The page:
US schools gave kids laptops during the pandemic. Then they spied on them When the pandemic started last year, countless forms of inequality were exposed – including the millions of American families who don’t have access to laptops or broadband internet. After some delays, schools across the country jumped into action and distributed technology to allow students to learn remotely. The catch? John Oliver on digital misinformation: ‘There needs to be more public pressure on platforms’ John Oliver devoted this week’s episode of Last Week Tonight to the issue of digital misinformation and the havoc it can wreak. The HBO host started by informing his viewers that despite the fact that 90% of monthly Facebook users are based outside the US and Canada, only 13% of the platform’s monitoring is spent on content outside of America. He said it was the “same general attitude to misinformation that the Oscars took toward best pictures for the first 90 years of its existence”. There was an unsettling clip played that showed a woman who was basing her Covid views from an unverified doctor from El Salvador via Facebook, rather than anything more official. Oliver called it “a pretty good reminder that thanks to social media, it is possible to silo yourself off and have very different experiences of living in America”. Although he was envious of her lack of Fauci awareness.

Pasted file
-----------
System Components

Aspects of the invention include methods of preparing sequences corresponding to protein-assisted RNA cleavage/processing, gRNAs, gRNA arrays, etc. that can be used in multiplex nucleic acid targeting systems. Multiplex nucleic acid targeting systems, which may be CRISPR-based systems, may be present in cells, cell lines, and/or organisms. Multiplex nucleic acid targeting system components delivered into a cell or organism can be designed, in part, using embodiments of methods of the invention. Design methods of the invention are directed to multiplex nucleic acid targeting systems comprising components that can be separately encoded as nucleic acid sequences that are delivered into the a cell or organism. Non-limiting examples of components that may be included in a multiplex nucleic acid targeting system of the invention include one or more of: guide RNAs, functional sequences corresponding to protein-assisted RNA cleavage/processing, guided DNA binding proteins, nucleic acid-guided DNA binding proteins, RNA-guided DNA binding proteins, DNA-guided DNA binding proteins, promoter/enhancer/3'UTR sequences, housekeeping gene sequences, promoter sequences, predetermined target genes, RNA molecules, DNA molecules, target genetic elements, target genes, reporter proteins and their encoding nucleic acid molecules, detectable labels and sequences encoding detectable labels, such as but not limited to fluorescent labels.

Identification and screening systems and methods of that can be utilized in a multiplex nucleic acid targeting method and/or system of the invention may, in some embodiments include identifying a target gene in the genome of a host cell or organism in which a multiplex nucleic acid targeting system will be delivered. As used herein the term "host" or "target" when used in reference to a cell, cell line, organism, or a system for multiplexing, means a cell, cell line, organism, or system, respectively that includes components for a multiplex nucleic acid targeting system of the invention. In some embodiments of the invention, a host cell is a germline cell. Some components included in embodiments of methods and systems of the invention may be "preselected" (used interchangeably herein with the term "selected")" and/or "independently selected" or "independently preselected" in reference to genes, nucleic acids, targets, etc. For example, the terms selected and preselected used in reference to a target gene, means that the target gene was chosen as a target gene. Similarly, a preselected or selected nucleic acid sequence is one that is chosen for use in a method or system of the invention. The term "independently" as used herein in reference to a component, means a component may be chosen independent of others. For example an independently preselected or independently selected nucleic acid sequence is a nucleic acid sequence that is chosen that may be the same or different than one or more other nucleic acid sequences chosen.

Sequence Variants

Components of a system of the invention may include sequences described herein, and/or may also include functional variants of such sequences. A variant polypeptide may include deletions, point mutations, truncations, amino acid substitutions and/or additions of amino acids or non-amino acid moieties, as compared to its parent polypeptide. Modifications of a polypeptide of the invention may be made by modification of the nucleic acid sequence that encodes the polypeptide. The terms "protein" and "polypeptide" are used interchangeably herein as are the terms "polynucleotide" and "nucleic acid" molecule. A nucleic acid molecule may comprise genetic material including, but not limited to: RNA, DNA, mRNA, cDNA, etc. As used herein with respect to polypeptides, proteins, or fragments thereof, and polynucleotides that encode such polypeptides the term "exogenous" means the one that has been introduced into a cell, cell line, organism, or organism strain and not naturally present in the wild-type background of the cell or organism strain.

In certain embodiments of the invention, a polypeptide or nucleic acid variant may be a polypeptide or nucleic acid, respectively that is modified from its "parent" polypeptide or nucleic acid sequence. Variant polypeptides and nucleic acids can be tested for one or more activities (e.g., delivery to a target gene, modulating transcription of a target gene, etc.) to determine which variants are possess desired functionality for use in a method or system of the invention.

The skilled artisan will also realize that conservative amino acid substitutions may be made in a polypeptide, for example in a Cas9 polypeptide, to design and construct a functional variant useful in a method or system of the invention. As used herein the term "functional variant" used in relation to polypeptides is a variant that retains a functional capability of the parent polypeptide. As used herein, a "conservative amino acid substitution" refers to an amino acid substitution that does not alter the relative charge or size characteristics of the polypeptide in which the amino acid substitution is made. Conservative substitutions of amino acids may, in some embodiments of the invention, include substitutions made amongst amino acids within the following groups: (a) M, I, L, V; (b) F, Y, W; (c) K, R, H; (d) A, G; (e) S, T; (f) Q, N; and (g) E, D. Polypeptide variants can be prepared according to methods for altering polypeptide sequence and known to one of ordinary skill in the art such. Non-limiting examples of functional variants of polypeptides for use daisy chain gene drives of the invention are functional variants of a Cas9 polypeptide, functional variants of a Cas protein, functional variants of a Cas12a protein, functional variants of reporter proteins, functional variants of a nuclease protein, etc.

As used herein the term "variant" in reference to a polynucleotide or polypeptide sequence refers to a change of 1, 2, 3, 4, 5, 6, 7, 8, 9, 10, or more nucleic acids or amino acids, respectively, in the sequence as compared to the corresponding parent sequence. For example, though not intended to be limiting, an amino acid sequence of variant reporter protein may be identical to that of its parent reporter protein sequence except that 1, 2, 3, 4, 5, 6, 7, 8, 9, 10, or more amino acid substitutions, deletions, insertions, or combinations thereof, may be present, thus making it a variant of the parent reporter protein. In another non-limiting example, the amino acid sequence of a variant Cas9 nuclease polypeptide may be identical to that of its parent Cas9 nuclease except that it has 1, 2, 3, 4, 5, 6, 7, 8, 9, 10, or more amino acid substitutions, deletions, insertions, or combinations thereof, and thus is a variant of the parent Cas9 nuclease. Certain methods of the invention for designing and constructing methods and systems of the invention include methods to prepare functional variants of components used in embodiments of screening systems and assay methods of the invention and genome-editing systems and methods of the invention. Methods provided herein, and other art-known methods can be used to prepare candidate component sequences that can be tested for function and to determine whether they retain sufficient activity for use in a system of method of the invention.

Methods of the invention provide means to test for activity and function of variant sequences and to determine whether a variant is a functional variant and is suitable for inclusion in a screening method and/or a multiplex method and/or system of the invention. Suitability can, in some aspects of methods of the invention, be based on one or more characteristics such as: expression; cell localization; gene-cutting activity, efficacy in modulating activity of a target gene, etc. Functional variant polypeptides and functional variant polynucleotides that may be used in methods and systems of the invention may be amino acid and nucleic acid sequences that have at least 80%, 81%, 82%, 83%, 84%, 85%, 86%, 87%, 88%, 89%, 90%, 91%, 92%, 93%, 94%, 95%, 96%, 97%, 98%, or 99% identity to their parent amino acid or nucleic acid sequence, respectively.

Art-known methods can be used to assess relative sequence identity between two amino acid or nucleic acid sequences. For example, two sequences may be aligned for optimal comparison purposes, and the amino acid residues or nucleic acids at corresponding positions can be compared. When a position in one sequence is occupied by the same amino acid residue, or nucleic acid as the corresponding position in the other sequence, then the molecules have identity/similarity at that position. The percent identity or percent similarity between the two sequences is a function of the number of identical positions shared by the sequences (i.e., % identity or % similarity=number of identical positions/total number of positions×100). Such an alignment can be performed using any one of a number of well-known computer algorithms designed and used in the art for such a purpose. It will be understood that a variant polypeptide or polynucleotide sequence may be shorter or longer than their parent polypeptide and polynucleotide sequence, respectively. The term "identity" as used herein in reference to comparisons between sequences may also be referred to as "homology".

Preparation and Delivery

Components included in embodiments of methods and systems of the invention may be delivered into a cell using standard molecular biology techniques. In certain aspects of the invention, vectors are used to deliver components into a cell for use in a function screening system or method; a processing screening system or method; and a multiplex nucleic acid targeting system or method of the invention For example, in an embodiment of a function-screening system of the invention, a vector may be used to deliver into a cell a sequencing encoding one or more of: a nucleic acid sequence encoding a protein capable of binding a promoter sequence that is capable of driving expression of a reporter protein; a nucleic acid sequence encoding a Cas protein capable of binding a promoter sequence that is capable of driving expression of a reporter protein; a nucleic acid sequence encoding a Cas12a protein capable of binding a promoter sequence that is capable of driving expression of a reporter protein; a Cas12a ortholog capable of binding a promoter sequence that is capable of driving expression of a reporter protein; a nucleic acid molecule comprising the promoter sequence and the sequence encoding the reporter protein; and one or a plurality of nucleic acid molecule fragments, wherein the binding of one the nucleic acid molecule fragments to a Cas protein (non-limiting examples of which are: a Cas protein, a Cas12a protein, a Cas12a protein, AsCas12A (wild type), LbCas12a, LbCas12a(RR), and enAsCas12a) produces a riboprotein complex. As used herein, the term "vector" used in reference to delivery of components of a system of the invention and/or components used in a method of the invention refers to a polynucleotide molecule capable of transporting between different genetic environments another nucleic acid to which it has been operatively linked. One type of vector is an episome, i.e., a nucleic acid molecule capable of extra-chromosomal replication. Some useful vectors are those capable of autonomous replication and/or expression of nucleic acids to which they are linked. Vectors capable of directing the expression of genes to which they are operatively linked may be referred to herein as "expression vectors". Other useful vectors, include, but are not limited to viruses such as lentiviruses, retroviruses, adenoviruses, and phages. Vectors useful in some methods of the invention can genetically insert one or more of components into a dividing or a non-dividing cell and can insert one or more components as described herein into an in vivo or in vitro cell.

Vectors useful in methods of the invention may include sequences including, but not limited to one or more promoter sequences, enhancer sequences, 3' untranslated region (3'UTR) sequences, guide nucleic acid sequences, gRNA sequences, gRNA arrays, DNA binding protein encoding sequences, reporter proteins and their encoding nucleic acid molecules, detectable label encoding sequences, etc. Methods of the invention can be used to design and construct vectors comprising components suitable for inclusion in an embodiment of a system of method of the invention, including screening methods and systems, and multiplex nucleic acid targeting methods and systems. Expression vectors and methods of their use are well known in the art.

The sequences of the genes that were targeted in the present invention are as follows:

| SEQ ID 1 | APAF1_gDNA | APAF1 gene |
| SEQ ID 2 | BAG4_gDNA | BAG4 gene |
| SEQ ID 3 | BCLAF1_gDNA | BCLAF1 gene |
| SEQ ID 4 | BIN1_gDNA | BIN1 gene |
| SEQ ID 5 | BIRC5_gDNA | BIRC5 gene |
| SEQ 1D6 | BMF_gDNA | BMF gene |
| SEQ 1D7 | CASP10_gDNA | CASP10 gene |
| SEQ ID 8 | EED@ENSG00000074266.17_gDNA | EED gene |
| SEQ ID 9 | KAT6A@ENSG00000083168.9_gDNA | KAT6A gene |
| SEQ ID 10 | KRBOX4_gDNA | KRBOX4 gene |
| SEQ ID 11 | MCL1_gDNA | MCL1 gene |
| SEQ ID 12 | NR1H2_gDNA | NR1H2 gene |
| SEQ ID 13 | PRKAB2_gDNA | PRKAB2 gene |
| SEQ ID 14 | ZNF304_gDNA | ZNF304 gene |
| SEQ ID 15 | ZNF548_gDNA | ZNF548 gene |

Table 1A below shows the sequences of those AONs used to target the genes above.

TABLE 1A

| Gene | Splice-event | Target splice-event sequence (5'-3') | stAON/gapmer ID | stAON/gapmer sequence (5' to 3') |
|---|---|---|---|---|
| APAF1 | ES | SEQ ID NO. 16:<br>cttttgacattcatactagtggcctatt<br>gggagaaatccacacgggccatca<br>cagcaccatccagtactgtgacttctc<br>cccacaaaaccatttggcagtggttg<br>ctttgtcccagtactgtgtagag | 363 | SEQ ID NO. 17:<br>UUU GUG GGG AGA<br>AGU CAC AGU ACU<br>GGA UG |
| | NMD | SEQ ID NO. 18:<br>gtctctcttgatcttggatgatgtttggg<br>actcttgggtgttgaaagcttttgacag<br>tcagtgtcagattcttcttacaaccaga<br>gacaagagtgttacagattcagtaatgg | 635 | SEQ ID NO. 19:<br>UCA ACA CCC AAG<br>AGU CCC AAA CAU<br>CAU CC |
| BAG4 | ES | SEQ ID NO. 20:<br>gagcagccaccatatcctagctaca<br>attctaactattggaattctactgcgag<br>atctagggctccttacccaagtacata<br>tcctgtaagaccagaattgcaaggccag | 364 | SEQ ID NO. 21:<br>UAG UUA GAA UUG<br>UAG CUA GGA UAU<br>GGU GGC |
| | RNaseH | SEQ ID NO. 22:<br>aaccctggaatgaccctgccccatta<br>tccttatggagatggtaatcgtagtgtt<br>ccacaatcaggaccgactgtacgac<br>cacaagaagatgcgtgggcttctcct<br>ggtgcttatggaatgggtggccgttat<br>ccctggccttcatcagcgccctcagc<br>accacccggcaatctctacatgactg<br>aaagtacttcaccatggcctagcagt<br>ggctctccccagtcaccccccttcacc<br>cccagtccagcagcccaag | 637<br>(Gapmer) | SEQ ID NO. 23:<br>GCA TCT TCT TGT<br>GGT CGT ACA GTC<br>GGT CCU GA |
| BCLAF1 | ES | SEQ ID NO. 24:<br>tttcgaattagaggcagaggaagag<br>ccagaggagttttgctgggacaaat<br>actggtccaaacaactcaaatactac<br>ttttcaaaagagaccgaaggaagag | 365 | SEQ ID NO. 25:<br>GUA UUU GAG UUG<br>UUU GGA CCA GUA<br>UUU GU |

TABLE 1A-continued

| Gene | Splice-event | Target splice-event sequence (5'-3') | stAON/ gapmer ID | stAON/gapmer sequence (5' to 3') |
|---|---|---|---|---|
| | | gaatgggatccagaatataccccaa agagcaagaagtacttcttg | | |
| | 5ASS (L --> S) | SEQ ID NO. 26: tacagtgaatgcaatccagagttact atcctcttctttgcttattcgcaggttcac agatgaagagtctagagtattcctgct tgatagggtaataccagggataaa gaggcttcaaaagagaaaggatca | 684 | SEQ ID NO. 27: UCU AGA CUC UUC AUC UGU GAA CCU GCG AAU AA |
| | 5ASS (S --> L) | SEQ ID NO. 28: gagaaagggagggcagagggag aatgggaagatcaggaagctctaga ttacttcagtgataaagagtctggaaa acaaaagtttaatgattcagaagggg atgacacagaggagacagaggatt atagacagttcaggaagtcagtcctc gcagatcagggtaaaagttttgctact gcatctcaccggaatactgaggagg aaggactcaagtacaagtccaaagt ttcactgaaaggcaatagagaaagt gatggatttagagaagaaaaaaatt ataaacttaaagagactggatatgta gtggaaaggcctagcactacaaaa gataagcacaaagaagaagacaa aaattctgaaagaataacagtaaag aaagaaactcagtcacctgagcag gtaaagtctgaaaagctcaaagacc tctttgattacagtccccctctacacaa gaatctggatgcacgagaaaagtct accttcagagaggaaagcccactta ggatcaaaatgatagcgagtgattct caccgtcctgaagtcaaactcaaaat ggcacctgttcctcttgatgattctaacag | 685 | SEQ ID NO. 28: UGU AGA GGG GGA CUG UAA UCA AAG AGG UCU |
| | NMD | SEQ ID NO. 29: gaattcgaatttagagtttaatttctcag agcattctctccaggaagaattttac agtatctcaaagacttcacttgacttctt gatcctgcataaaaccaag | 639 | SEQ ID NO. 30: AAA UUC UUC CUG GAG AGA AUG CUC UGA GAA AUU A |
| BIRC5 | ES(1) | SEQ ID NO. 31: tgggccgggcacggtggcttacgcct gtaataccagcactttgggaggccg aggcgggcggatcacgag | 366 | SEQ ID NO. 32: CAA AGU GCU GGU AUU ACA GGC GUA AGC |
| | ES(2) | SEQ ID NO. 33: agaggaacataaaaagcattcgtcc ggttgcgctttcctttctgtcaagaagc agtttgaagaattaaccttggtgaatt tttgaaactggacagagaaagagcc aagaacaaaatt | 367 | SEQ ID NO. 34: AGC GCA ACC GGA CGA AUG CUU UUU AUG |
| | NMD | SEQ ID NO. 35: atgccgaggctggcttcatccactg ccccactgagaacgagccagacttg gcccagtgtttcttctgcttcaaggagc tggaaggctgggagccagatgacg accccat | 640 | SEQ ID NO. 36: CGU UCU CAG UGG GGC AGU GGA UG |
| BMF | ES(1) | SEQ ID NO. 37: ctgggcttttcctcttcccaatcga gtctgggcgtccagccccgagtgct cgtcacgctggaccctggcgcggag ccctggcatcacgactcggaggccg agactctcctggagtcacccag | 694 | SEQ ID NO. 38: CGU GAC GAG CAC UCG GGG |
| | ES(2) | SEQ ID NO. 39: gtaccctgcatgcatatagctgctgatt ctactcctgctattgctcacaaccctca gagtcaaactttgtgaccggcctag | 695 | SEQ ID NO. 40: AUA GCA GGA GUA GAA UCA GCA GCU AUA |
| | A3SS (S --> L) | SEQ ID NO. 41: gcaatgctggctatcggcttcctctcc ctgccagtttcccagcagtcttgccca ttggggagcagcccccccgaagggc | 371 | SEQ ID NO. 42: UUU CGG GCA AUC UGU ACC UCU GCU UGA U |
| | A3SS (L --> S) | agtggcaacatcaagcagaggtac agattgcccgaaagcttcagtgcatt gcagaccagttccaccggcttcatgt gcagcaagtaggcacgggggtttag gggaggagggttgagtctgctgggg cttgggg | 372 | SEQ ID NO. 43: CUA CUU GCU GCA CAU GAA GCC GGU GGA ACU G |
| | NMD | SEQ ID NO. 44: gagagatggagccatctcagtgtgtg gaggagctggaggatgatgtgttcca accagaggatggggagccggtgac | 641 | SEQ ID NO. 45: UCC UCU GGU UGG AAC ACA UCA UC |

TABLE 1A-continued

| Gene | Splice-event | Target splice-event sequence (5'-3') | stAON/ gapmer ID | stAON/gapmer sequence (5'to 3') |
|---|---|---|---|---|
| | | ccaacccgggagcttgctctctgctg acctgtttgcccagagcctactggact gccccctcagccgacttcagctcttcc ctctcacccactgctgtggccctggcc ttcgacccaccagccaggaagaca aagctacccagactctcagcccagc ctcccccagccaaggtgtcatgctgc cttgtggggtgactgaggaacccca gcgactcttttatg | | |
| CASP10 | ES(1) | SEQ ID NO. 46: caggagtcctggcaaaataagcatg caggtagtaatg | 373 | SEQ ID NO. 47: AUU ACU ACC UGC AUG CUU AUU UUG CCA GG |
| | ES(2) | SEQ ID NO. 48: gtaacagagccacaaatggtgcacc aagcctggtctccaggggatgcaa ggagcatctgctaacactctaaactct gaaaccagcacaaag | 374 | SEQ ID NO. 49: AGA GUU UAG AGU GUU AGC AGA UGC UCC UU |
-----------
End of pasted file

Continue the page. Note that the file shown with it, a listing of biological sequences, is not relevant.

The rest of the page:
“Hacker X”—the American who built a pro-Trump fake news empire—unmasks himself This is the story of the mastermind behind one of the largest "fake news" operations in the US. For two years, he ran websites and Facebook groups that spread bogus stories, conspiracy theories, and propaganda. Under him was a dedicated team of writers and editors paid to produce deceptive content—from outright hoaxes to political propaganda—with the supreme goal of tipping the 2016 election to Donald Trump. Through extensive efforts, he built a secret network of self-reinforcing sites from the ground up.